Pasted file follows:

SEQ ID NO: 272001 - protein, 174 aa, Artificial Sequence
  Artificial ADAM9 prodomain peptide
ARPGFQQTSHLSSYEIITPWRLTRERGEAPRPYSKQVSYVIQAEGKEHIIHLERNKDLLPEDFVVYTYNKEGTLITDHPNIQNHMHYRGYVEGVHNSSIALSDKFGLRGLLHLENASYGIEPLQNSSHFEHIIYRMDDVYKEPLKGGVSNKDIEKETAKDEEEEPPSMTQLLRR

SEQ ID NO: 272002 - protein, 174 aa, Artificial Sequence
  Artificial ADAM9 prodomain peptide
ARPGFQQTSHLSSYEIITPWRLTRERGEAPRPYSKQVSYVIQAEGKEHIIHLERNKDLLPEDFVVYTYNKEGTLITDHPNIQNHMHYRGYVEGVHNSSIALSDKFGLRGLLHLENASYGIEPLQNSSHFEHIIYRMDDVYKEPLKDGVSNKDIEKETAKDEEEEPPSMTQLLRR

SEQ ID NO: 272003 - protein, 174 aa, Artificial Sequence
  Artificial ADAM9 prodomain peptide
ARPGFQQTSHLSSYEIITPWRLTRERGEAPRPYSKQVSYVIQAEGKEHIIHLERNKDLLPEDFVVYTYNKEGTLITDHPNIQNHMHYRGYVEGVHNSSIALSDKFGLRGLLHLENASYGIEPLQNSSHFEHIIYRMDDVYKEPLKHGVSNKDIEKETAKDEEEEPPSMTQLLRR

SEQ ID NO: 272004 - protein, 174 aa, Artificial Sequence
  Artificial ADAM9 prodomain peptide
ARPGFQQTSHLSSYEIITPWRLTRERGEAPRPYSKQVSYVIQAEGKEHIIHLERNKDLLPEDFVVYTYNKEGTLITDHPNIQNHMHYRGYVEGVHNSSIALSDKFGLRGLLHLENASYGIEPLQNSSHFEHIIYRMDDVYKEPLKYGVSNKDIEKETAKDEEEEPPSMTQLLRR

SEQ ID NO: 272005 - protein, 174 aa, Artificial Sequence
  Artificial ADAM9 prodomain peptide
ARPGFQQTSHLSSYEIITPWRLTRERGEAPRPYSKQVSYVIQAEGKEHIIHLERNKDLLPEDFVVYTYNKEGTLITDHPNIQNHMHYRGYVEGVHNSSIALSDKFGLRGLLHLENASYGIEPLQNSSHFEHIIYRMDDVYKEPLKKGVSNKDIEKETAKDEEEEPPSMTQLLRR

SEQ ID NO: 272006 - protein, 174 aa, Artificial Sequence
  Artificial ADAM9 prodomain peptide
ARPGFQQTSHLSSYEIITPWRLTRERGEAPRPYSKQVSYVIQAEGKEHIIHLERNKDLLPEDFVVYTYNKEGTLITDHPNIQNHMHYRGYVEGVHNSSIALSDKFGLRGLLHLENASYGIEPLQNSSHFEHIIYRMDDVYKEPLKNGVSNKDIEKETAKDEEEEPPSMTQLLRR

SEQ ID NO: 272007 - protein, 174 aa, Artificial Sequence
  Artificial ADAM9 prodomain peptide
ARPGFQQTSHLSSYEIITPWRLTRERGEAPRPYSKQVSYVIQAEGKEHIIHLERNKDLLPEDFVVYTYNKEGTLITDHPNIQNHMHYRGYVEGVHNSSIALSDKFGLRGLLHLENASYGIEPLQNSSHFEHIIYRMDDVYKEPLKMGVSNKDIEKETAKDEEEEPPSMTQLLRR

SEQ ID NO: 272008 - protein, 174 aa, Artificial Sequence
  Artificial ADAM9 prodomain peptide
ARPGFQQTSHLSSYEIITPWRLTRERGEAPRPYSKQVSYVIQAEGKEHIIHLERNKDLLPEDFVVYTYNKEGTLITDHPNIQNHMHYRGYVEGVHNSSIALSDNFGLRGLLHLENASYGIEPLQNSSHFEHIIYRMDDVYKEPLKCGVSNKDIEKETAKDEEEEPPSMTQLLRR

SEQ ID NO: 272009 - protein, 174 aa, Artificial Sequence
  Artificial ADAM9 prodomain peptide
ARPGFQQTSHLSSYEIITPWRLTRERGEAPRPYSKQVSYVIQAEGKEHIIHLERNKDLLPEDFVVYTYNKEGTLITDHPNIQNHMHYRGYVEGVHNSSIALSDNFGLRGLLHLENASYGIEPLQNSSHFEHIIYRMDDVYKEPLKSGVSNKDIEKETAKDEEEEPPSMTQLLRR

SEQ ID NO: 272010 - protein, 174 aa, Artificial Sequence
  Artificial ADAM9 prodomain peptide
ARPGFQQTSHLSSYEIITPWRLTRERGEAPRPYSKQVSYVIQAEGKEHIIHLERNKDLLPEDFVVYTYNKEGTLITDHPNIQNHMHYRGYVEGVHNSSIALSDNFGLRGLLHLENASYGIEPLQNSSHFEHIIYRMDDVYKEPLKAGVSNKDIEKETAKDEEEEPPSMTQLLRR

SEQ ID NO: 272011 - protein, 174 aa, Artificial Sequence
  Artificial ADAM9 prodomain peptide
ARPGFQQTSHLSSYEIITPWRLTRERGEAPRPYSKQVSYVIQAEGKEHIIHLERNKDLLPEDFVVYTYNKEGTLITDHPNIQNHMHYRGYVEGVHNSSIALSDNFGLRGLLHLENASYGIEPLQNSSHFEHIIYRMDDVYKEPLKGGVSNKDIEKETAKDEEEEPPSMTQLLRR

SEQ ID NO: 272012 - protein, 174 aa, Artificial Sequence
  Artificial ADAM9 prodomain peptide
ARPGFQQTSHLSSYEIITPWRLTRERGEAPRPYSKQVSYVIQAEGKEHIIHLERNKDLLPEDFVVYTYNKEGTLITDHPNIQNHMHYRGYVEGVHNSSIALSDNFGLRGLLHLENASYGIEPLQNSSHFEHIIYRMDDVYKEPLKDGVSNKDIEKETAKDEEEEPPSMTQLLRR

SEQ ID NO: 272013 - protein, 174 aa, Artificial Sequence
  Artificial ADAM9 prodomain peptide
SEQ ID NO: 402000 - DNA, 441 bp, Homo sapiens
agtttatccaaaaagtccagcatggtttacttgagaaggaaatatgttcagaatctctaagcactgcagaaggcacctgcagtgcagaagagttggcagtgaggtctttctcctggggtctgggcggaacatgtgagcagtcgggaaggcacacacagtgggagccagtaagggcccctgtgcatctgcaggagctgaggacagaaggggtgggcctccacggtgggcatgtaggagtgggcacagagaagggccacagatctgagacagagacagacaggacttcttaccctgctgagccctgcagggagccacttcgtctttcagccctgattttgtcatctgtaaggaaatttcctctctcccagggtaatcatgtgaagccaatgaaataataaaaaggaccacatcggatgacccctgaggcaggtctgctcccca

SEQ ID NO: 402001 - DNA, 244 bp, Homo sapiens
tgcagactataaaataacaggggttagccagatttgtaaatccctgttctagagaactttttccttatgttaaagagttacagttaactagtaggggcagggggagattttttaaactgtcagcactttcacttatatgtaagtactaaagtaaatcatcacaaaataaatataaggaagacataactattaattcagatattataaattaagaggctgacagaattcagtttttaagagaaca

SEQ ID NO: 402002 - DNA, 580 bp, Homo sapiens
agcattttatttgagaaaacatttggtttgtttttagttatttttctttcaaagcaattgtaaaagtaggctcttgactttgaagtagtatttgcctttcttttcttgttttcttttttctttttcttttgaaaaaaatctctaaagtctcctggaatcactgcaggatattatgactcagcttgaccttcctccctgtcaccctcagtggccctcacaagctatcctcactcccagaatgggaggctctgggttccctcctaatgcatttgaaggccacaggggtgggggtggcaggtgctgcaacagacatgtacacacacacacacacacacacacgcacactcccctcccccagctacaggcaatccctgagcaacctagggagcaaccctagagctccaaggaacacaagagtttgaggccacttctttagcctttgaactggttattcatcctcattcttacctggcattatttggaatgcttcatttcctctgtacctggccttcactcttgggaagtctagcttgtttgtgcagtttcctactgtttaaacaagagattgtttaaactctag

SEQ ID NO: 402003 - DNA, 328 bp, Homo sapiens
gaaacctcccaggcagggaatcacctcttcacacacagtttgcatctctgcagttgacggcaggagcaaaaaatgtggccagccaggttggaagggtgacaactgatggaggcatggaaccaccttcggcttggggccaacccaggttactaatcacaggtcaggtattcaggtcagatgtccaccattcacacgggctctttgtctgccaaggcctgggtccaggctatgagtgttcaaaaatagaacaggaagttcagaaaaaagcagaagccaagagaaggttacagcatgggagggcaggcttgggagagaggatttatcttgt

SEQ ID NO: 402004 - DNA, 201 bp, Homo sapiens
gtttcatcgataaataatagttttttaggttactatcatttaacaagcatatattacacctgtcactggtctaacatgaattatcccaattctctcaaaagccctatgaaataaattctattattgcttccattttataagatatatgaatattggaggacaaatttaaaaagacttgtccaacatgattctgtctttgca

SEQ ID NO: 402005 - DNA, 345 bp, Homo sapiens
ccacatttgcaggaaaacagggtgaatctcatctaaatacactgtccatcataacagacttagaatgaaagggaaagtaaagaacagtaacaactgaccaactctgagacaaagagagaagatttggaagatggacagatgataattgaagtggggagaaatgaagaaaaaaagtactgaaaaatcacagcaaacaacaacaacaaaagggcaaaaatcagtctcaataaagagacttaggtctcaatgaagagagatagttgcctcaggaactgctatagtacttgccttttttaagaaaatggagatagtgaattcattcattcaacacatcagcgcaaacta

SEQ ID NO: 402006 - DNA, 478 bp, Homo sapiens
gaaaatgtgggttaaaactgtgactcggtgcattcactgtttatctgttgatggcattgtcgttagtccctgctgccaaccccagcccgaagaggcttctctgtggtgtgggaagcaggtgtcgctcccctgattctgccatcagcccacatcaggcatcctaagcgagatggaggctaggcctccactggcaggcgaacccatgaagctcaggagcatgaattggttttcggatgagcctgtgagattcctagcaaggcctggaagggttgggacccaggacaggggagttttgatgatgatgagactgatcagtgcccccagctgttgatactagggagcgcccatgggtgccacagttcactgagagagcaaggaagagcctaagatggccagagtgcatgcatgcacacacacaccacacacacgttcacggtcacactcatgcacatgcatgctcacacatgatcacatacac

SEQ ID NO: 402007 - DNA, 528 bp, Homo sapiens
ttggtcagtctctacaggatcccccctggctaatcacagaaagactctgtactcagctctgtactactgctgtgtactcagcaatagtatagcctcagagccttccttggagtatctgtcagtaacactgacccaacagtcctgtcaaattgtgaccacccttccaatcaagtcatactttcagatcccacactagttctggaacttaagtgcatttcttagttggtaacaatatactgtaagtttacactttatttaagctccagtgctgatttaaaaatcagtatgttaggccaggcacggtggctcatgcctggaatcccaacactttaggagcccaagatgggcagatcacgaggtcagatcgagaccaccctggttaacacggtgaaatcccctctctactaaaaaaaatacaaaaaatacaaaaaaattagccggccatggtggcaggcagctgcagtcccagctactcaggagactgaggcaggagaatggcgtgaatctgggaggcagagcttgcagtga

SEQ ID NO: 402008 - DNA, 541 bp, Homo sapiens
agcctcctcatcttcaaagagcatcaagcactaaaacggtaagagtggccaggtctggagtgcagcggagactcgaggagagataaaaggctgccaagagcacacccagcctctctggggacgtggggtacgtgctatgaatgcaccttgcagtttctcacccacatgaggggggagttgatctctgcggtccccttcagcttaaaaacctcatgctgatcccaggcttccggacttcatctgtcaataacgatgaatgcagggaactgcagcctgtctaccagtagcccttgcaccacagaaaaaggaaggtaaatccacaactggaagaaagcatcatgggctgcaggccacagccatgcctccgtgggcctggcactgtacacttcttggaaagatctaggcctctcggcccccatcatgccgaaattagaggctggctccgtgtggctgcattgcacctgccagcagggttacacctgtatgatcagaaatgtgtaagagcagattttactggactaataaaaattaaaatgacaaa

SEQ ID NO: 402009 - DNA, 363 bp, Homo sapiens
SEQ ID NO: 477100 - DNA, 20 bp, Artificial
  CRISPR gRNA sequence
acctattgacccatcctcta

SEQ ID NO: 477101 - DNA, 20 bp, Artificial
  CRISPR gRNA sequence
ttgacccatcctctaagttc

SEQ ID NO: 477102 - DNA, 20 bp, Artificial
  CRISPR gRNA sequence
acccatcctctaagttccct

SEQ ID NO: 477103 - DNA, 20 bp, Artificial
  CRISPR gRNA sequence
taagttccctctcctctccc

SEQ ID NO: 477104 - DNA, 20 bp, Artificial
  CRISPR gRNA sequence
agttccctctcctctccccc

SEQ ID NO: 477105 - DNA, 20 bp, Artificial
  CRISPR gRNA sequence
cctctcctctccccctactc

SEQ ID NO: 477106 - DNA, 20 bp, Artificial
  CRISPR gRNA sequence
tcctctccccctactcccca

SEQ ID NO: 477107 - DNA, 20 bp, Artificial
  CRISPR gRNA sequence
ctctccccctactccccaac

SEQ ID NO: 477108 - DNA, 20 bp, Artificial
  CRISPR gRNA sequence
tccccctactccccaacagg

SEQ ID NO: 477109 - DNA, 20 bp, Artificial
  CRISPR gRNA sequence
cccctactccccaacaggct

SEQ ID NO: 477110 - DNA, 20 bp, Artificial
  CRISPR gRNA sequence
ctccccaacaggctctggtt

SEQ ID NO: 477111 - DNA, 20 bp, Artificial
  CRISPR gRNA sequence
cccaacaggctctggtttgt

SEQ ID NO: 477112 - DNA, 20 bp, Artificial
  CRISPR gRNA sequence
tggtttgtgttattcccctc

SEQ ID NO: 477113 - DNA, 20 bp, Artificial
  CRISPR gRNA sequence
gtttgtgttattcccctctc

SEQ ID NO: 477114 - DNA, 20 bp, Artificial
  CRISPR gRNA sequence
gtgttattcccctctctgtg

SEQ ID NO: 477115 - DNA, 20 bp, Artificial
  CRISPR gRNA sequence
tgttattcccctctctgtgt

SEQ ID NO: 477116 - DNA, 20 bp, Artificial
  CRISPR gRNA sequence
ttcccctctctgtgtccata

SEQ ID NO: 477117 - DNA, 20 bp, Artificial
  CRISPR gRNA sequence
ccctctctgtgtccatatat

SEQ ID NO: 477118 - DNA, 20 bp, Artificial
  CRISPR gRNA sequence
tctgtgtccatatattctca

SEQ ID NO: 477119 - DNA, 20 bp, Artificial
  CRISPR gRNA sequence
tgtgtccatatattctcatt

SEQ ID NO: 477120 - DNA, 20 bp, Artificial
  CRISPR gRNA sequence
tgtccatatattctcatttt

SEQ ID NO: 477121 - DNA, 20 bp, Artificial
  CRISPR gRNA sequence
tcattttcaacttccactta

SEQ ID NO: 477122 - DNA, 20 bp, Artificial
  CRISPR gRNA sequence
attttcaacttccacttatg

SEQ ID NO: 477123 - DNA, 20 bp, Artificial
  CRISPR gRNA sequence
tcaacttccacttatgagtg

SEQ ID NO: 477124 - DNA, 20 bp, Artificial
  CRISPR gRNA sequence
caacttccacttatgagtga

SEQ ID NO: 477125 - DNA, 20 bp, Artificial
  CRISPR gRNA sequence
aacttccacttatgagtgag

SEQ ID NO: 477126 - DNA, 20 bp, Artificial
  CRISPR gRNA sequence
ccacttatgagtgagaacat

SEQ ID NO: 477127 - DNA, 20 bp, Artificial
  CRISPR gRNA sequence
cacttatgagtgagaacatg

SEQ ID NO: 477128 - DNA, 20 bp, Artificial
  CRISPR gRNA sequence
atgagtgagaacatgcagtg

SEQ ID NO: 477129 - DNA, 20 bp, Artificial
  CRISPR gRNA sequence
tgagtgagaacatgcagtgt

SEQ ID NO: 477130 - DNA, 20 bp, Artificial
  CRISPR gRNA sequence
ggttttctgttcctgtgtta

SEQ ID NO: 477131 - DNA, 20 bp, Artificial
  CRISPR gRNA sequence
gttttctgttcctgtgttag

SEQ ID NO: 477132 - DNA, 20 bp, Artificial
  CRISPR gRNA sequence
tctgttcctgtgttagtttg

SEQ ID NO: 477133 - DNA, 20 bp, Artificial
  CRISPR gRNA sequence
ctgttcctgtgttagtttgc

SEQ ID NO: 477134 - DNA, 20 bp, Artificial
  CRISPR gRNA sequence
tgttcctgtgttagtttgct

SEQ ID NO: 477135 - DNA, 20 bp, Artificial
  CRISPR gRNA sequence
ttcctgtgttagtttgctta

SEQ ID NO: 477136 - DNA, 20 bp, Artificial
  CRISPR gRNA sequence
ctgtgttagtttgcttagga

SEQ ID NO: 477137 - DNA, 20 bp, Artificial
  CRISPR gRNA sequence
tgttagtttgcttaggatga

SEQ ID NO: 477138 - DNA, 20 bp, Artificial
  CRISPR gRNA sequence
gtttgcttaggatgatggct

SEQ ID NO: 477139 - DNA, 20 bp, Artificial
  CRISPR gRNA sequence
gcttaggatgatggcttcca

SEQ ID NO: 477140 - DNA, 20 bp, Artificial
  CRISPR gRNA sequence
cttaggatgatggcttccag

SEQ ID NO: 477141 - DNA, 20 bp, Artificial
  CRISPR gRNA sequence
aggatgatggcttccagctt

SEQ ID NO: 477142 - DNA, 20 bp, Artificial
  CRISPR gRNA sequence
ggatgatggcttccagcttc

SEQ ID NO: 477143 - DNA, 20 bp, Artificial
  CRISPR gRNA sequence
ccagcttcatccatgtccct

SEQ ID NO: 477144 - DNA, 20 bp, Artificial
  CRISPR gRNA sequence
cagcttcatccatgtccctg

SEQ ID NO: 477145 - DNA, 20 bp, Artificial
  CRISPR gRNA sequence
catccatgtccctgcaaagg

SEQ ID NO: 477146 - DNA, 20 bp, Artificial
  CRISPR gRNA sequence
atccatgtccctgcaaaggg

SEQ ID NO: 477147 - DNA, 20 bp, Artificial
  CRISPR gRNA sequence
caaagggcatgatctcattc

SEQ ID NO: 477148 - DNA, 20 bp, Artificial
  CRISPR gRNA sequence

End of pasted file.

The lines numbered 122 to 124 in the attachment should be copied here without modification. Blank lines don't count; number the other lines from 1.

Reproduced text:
  CRISPR gRNA sequence
tcattttcaacttccactta

SEQ ID NO: 477122 - DNA, 20 bp, Artificial